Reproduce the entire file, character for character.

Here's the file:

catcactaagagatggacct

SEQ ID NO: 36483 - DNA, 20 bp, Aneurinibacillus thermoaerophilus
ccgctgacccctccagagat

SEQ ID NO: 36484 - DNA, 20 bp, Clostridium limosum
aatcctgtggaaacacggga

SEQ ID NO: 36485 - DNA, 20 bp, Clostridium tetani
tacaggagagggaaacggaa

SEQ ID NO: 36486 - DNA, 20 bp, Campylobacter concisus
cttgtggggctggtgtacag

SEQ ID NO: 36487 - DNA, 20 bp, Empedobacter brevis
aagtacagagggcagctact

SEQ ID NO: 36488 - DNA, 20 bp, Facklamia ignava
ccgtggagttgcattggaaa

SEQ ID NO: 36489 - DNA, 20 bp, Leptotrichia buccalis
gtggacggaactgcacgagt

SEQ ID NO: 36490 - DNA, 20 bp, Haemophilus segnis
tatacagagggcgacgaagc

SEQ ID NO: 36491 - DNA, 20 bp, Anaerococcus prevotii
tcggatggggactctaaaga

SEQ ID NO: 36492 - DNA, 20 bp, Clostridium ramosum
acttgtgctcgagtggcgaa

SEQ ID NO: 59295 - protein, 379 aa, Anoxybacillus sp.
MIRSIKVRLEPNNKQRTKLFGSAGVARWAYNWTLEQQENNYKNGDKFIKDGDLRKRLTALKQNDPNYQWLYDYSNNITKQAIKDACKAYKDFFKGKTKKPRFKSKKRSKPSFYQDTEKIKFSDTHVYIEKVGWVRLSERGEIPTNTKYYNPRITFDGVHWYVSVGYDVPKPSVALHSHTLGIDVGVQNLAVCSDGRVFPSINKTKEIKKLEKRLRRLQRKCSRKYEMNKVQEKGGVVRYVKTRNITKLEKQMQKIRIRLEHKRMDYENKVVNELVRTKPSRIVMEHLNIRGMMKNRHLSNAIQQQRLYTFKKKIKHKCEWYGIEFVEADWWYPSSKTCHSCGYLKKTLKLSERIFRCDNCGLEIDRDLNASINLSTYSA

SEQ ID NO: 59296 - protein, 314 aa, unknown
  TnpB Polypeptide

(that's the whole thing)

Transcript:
catcactaagagatggacct

SEQ ID NO: 36483 - DNA, 20 bp, Aneurinibacillus thermoaerophilus
ccgctgacccctccagagat

SEQ ID NO: 36484 - DNA, 20 bp, Clostridium limosum
aatcctgtggaaacacggga

SEQ ID NO: 36485 - DNA, 20 bp, Clostridium tetani
tacaggagagggaaacggaa

SEQ ID NO: 36486 - DNA, 20 bp, Campylobacter concisus
cttgtggggctggtgtacag

SEQ ID NO: 36487 - DNA, 20 bp, Empedobacter brevis
aagtacagagggcagctact

SEQ ID NO: 36488 - DNA, 20 bp, Facklamia ignava
ccgtggagttgcattggaaa

SEQ ID NO: 36489 - DNA, 20 bp, Leptotrichia buccalis
gtggacggaactgcacgagt

SEQ ID NO: 36490 - DNA, 20 bp, Haemophilus segnis
tatacagagggcgacgaagc

SEQ ID NO: 36491 - DNA, 20 bp, Anaerococcus prevotii
tcggatggggactctaaaga

SEQ ID NO: 36492 - DNA, 20 bp, Clostridium ramosum
acttgtgctcgagtggcgaa

SEQ ID NO: 59295 - protein, 379 aa, Anoxybacillus sp.
MIRSIKVRLEPNNKQRTKLFGSAGVARWAYNWTLEQQENNYKNGDKFIKDGDLRKRLTALKQNDPNYQWLYDYSNNITKQAIKDACKAYKDFFKGKTKKPRFKSKKRSKPSFYQDTEKIKFSDTHVYIEKVGWVRLSERGEIPTNTKYYNPRITFDGVHWYVSVGYDVPKPSVALHSHTLGIDVGVQNLAVCSDGRVFPSINKTKEIKKLEKRLRRLQRKCSRKYEMNKVQEKGGVVRYVKTRNITKLEKQMQKIRIRLEHKRMDYENKVVNELVRTKPSRIVMEHLNIRGMMKNRHLSNAIQQQRLYTFKKKIKHKCEWYGIEFVEADWWYPSSKTCHSCGYLKKTLKLSERIFRCDNCGLEIDRDLNASINLSTYSA

SEQ ID NO: 59296 - protein, 314 aa, unknown
  TnpB Polypeptide